Application to Dose Calculations


Since the Boltzmann equation includes collisions between particles, it is possible to estimate the energy delivered to the tissue and thus the dose in radiotherapy. Greater efficiency is achieved by working with particle distributions (photons, electrons and positrons) rather than individual particles as in the case of Monte Carlo. The introduction of cells using the Lattice Boltzmann Method (LBM) should also allow the possibility of choosing the precision according to the computational resources that are made available. This means that the algorithm should be able to pass continuously from a system equivalent to Pencil Beam, Convolution to Monte Carlo.


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Thermal Photons


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For the case in which they are considered uniformly distributed thermal photons their number per cell will be according to the distribution of Bose-Einstein

\displaystyle\frac{1}{e^{\hbar\omega/kT} -1}

where \hbar is the Planck constant divided by 2\pi, \omega is the angular velocity, k the Boltzmann constant, and T the temperature.

If the flow is isotropic it will be necessary that the $ m components will be equal and therefore:


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Caso Electrones


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In the case of the electrons it is necessary that the distribution in equilibrium is the one of Fermi-Direc so in the situation of equilibrium the distribution will have to be of the form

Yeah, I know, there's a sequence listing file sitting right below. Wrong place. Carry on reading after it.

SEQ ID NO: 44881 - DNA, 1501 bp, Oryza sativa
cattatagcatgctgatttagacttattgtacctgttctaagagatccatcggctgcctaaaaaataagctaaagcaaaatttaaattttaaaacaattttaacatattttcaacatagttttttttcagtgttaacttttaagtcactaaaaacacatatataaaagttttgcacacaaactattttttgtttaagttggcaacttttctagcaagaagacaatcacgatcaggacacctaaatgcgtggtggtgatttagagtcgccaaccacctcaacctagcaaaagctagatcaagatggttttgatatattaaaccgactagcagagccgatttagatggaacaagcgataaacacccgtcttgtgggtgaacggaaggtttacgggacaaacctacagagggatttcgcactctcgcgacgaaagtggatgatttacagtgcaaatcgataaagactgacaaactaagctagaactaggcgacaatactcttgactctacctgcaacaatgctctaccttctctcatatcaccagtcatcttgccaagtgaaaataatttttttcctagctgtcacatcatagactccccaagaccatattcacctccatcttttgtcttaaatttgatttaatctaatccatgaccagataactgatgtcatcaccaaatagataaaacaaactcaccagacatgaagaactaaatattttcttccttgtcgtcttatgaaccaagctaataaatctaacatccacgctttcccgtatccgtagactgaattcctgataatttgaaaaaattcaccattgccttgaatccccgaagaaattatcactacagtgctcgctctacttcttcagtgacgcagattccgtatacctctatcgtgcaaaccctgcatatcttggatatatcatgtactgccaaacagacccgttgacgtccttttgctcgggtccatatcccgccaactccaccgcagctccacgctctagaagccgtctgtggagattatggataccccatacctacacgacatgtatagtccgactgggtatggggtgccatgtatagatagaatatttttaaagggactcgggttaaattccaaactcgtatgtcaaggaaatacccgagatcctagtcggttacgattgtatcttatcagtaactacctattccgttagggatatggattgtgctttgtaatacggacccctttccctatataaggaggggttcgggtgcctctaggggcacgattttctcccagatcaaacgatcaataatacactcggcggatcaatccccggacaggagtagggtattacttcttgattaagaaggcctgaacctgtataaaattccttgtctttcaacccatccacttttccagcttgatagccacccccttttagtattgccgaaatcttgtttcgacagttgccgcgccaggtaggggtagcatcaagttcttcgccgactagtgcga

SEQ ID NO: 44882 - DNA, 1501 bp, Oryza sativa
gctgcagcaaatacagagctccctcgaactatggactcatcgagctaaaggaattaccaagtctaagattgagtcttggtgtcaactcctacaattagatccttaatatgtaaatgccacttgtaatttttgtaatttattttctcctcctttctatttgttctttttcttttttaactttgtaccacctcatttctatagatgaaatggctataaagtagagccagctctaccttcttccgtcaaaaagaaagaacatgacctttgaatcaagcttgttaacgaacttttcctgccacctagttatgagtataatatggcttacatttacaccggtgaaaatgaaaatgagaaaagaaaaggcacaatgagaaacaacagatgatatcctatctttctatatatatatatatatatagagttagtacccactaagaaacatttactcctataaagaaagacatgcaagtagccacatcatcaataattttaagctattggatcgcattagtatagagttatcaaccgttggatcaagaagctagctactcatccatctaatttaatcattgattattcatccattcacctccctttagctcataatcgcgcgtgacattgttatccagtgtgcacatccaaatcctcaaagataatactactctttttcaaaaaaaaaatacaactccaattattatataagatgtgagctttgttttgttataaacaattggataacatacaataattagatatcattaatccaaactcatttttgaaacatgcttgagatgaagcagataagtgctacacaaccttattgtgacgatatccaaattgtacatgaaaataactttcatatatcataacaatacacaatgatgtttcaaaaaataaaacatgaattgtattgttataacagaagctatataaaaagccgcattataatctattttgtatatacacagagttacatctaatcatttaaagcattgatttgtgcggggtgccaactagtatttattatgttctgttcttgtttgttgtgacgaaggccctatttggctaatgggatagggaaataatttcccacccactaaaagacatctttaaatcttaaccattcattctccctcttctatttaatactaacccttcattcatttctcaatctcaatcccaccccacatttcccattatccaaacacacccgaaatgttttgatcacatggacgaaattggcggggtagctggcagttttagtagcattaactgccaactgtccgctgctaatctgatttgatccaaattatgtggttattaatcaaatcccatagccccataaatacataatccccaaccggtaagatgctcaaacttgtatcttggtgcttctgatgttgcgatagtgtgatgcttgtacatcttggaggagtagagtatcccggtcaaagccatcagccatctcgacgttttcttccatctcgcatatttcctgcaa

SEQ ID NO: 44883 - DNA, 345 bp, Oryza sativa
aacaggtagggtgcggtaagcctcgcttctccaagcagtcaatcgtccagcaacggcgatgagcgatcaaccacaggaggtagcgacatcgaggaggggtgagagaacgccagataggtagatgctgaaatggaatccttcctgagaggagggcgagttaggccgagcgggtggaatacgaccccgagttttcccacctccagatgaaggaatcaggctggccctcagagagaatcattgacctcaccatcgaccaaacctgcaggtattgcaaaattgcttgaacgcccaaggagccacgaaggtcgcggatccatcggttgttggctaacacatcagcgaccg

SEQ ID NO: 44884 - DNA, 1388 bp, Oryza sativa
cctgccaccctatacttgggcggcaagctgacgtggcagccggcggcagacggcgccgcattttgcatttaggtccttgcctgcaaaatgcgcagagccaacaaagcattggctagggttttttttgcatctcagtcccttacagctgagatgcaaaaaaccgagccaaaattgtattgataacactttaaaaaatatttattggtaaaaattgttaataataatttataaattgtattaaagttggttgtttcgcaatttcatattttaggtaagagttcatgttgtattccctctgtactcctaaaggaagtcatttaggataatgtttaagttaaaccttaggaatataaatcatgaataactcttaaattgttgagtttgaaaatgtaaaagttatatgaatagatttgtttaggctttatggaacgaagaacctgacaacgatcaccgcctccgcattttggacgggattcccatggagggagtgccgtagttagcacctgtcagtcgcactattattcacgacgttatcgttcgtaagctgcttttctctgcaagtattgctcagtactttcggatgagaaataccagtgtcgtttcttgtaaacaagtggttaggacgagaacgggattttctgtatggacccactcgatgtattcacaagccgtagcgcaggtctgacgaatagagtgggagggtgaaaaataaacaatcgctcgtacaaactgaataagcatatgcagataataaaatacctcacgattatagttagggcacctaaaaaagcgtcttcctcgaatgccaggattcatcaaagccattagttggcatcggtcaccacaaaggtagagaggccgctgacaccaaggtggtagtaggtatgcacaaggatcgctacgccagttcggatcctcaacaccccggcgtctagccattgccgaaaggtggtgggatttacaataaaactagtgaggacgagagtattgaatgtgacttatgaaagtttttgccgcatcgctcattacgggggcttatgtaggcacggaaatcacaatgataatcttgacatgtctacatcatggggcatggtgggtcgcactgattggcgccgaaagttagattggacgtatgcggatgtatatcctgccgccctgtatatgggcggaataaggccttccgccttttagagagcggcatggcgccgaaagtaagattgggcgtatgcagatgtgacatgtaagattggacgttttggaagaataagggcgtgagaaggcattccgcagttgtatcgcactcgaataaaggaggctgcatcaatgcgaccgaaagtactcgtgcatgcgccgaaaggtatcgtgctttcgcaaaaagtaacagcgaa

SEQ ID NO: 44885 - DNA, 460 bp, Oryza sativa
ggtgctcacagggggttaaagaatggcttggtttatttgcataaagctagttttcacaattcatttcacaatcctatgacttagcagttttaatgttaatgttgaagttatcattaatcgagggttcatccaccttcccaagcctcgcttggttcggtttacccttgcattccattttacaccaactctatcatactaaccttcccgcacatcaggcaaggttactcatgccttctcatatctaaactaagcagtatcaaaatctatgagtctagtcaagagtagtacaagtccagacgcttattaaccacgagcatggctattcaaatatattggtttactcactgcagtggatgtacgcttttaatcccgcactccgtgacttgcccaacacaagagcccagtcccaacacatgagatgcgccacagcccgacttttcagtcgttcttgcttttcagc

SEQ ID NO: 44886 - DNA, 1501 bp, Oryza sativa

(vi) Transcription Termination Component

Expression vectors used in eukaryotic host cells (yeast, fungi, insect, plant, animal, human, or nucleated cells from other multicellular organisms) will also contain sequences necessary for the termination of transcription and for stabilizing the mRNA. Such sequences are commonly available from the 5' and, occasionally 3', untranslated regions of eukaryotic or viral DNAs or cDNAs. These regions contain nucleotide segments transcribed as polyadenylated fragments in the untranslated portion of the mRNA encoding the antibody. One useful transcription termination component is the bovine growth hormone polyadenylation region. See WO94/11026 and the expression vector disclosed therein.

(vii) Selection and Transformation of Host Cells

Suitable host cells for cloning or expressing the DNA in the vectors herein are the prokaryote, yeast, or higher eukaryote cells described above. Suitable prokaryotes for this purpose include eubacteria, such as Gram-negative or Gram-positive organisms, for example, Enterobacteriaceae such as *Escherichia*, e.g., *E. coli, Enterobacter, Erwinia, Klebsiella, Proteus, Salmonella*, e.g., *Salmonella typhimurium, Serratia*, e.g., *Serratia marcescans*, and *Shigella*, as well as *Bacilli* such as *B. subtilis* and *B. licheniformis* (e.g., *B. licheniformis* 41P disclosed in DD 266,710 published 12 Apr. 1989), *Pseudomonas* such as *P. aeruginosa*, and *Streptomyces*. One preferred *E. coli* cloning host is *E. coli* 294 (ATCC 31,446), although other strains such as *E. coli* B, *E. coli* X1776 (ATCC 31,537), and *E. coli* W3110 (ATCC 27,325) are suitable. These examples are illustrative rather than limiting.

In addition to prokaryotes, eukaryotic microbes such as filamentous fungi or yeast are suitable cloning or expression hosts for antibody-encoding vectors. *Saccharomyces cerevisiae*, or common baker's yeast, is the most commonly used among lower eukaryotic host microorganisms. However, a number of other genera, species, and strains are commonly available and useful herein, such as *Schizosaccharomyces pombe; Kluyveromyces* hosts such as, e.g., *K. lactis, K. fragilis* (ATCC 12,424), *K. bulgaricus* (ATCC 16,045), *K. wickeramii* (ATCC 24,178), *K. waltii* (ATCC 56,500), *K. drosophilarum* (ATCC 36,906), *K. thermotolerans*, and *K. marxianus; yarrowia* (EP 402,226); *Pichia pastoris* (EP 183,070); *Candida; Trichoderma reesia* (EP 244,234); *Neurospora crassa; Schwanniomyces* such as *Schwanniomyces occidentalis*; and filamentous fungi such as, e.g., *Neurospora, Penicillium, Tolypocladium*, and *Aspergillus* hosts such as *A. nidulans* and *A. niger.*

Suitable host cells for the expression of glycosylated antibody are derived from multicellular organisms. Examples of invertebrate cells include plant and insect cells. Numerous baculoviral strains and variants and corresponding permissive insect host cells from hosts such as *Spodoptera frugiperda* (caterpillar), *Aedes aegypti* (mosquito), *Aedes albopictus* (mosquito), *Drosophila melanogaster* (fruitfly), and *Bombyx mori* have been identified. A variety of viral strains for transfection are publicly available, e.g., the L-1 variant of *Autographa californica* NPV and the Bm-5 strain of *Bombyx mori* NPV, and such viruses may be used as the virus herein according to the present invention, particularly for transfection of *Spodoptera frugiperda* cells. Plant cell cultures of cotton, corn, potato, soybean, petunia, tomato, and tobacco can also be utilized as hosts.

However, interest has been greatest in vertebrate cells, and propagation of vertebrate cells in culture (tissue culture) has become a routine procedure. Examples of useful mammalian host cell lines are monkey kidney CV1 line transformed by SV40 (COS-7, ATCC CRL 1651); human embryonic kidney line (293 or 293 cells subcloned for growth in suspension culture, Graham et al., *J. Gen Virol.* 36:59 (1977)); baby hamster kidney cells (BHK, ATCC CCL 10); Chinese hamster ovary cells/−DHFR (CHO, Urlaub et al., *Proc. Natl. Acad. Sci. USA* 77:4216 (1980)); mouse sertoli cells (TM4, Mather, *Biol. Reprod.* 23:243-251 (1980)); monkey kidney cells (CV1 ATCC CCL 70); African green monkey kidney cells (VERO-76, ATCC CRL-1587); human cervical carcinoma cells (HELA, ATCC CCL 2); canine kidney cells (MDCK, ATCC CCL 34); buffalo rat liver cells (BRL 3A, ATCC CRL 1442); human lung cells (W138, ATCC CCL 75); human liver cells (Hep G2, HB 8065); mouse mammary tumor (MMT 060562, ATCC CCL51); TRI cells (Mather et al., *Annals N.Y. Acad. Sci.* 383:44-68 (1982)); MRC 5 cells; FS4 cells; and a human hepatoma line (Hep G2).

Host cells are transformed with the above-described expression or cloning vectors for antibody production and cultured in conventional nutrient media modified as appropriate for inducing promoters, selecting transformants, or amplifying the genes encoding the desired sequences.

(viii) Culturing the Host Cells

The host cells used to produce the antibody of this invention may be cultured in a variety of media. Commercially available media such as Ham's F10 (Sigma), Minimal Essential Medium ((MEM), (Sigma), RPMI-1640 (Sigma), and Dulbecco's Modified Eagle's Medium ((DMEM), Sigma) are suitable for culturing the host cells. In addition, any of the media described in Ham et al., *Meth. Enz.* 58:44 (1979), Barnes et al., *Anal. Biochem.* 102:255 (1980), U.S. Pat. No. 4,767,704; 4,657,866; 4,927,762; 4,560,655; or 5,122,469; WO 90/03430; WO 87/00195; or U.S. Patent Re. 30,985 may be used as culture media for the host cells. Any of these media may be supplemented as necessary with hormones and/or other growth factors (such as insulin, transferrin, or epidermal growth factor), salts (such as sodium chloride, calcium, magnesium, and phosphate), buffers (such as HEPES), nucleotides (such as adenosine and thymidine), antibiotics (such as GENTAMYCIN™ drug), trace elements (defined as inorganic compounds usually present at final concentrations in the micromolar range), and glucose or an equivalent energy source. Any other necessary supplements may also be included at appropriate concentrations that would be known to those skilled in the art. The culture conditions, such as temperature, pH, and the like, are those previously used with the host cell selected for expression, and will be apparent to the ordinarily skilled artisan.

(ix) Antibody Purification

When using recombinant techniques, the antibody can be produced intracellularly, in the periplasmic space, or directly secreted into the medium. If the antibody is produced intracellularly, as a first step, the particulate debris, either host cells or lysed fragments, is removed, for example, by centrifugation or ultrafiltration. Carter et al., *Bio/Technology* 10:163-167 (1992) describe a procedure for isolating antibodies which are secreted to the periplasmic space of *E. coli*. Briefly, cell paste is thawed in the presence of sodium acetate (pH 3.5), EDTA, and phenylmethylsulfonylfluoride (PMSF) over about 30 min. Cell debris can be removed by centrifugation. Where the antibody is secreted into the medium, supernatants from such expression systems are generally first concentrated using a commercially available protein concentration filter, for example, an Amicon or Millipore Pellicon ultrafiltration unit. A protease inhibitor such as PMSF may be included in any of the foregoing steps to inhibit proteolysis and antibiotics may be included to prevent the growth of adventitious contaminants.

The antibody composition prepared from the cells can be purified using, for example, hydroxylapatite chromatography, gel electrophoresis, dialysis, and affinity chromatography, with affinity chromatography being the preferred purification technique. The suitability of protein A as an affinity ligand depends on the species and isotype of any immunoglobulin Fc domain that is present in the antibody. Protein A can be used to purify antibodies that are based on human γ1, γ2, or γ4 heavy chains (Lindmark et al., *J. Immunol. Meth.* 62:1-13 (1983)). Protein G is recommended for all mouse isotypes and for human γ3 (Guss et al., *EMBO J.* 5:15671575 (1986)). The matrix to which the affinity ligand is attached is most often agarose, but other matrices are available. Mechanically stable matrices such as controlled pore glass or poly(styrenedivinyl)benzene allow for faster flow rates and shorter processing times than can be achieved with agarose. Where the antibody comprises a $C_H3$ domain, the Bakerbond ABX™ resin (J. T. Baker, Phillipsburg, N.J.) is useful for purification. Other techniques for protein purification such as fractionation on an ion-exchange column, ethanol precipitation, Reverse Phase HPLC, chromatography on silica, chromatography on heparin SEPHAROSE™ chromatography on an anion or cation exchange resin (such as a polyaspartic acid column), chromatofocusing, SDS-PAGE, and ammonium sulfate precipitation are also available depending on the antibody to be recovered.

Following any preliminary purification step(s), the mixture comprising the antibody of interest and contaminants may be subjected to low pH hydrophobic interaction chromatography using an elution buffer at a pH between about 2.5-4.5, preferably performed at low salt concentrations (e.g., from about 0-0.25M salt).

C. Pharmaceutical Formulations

$f^{eq}_i=\displaystyle\frac{1}{e^{\beta (m_ev_i^2/2-\mu)}+1}$

Otherwise the possible scatterings correspond to

- Absorption

- Elastic collision

- Electron-electron collision

- Excitation and deexicitation

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Scattering that contributes (in) or describes the abandonment of particles (out) can be plotted as follows:

It should be noted that the term collision:

- integrates on all external speeds to those of volume

- includes the likelihood of both speeds leading to scattering simultaneously

- the relative velocity multiplied by the total effective section represents the flow of particles towards the target

The latter can be shown in a simple way through

\Delta v\sigma\sim\displaystyle\frac{dX}{dt}S\sim \displaystyle\frac{dV}{dt}\sim J

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In case the particles collide, the distribution function f(\vec{x},\vec{v},t) variert und\\n\\n

$\displaystyle\frac{df}{dt}\neq 0$

Collisions cause particles of neighboring cells to undergo a collision that takes them to the cell under consideration and particles within the cell being expelled. The first leads to an increase of f_{in} particles and the second to a f_{out} time loss \tau. Thus the Boltzmann transport equation with collisions can be written as


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Collisions leaving the cell


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In the case that they leave the cell it is considered


Integrating on one of the speeds that initiate the collision and both resulting since the other is the contribution to the local distribution function

$\displaystyle\frac{1}{\tau}f_{out}(\vec{v})=\displaystyle\int d\vec{v}_1d\vec{v}_12d\vec{v}_22f(\vec{x},\vec{v}_1,t)f(\vec{x},\vec{v},t)|\vec{v}-\vec{v}_1|\sigma(\vec{v},\vec{v}_1\rightarrow\vec{v}_12,\vec{v}_22)$

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Collisions that contribute


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In the case of contributions to the cell, consider


Integrating on the speeds that initiate the collision and one of the resulting ones since the other is the contribution to the local distribution function

$\displaystyle\frac{1}{\tau}f_{in}(\vec{v})=\displaystyle\int d\vec{v}_1d\vec{v}_2d\vec{v}_12f(\vec{x},\vec{v}_1,t)f(\vec{x},\vec{v}_2,t)|\vec{v}_2-\vec{v}_1|\sigma(\vec{v}_1,\vec{v}_2\rightarrow\vec{v}_12,\vec{v})$

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